BEIJING • In the six weeks since China announced its first success in collecting samples of combustible ice in the South China Sea, it has extracted more than 235,000 cubic m of gas hydrate off the coast of Guangdong province, according to the China Geological Survey.
"China has beaten expectations in completing the trial explorations of combustible ice using local innovations in technology and engineering," said Mr Ye Jianliang, who heads the Guangzhou Marine Geology Survey. "It marks a historic breakthrough."
The mining operation deep into the ocean floor of the South China Sea took place at a trial site in the Shenhu area.
Technically known as methane hydrate, combustible ice is a frozen fossil fuel that energy-guzzling China hopes to exploit to meet growing demand.
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Once extracted, 1 cubic m of gas hydrate releases 164 cubic m of conventional natural gas, according to the United States Department of Energy (DOE).
Methane is extracted by heating or reducing the pressure inside the well to break down the hydrates.
China discovered combustible ice in the South China Sea in 2007, reported the China Daily.
NOT SUSTAINABLE YET
We know where the resource is, the technology we need to apply, but the production rates out of the wells are not commercially sustainable at the current prices.
MR PAUL DUERLOO, partner and managing director at Boston Consulting Group in Tokyo. He says commercially viable production is "another 10 years" away.
What is combustible ice?
Combustible ice or methane hydrate is a frozen fossil fuel found under the seabed, buried inside Arctic permafrost or beneath Antarctic ice.
It can be ignited like solid ethanol, hence the name combustible or flammable ice.
Methane hydrate is said to be abundant enough to serve as a key energy source for up to hundreds of years.
Once extracted, 1 cubic m of gas hydrate releases 164 cubic m of conventional natural gas, said the United States Department of Energy.
But experts say extracting methane from the ice crystals is technologically challenging and expensive.
Estimates for the size of the planet's gas hydrate deposits vary widely, but the DOE said that they could exceed "the combined energy content of all other known fossil fuels".
Analysts said the substantial resource could be a game changer for countries that have limited access to conventional natural gas.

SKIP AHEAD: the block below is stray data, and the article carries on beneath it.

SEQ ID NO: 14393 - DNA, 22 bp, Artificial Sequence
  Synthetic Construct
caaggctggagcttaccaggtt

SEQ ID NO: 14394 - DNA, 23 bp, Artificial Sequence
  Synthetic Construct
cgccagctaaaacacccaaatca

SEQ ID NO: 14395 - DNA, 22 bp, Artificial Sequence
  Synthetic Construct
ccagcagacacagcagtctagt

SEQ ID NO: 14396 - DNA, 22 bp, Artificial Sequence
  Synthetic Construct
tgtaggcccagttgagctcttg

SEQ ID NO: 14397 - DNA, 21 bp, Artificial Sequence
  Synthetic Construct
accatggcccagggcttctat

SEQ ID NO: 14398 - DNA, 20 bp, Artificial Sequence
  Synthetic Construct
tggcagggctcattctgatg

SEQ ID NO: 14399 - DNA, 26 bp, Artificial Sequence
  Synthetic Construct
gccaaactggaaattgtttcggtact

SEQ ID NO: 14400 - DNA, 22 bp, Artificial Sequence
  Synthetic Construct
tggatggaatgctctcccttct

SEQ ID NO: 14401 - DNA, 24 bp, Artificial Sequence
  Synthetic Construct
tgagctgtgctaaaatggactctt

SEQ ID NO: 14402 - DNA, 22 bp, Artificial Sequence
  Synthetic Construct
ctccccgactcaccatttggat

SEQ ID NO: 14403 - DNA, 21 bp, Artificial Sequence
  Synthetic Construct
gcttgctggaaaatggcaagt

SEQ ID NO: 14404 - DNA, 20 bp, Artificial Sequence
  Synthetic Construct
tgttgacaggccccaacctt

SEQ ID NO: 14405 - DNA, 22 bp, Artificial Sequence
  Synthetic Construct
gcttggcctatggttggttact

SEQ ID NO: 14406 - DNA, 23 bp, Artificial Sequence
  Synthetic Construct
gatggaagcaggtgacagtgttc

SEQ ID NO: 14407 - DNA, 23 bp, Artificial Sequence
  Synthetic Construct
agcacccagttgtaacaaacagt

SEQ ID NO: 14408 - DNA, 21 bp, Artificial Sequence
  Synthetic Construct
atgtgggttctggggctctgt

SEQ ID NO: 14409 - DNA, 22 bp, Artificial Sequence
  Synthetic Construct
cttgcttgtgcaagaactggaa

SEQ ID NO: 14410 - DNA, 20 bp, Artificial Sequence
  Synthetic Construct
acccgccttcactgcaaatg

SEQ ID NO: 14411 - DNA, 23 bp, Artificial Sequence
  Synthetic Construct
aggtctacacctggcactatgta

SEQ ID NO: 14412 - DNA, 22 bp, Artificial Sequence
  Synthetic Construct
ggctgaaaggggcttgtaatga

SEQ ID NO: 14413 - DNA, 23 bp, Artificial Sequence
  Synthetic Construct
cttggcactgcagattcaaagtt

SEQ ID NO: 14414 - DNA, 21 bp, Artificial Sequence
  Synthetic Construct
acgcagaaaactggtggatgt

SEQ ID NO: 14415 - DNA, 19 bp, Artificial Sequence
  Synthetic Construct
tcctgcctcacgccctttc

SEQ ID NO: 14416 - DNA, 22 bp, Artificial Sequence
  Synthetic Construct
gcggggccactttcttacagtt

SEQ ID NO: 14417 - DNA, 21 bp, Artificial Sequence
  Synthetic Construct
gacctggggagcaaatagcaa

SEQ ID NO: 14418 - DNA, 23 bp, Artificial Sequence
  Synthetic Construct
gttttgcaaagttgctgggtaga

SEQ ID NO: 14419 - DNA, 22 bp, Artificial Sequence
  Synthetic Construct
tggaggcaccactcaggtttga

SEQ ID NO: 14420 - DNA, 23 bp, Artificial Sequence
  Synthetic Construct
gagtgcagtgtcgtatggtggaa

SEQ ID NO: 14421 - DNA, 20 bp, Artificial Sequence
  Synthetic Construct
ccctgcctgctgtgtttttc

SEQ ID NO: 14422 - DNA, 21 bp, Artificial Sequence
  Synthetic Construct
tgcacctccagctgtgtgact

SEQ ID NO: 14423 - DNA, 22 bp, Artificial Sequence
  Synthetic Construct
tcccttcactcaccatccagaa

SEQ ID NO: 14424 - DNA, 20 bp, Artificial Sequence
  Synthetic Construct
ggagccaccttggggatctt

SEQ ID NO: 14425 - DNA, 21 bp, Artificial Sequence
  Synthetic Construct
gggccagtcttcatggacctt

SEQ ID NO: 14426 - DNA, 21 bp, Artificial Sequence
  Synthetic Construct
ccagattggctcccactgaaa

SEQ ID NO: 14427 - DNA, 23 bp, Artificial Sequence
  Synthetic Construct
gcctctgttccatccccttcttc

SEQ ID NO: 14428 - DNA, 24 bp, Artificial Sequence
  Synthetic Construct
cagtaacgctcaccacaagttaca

"The perfect example is Japan, because they don't have much conventional gas and, for them, it could be an important reserve," said senior lecturer Ingo Pecher from the science faculty at New Zealand's University of Auckland.
Japan is heavily reliant on imports of liquefied natural gas, with most of the country's fleet of nuclear reactors still offline more than six years after the tsunami disaster at Fukushima.
Even though known and presumed gas hydrate deposits have been identified from New Zealand to Alaska, the challenge is to find ones that are both highly concentrated and accessible.
Several countries are hoping to turn gas hydrate into a viable source of energy, including Japan, which has reported drilling success off its Pacific coast.
The US, which is also looking into the potential of gas hydrate, has obtained positive results from exploratory drilling carried out in the Gulf of Mexico.
However, commercially viable production is "another 10 years" away, according to Mr Paul Duerloo, who is a partner and managing director at Boston Consulting Group in Tokyo.
"We know where the resource is, the technology we need to apply, but the production rates out of the wells are not commercially sustainable at the current prices," he said.
He noted that shale gas, another unconventional energy source that faced similar challenges, took a long time to take off.
China expects to start commercial production of gas hydrate around 2030, according to the Ministry of Land and Resources.
Another concern surrounding gas hydrate extraction is the potential for methane - a greenhouse gas - to leak into the atmosphere and fuel global warming, said Associate Professor Xu Yuan, who is with the geography and resource management department of the Chinese University of Hong Kong.
Nevertheless, gas hydrates have "huge potential" if the cost and technological hurdles can be overcome, he noted.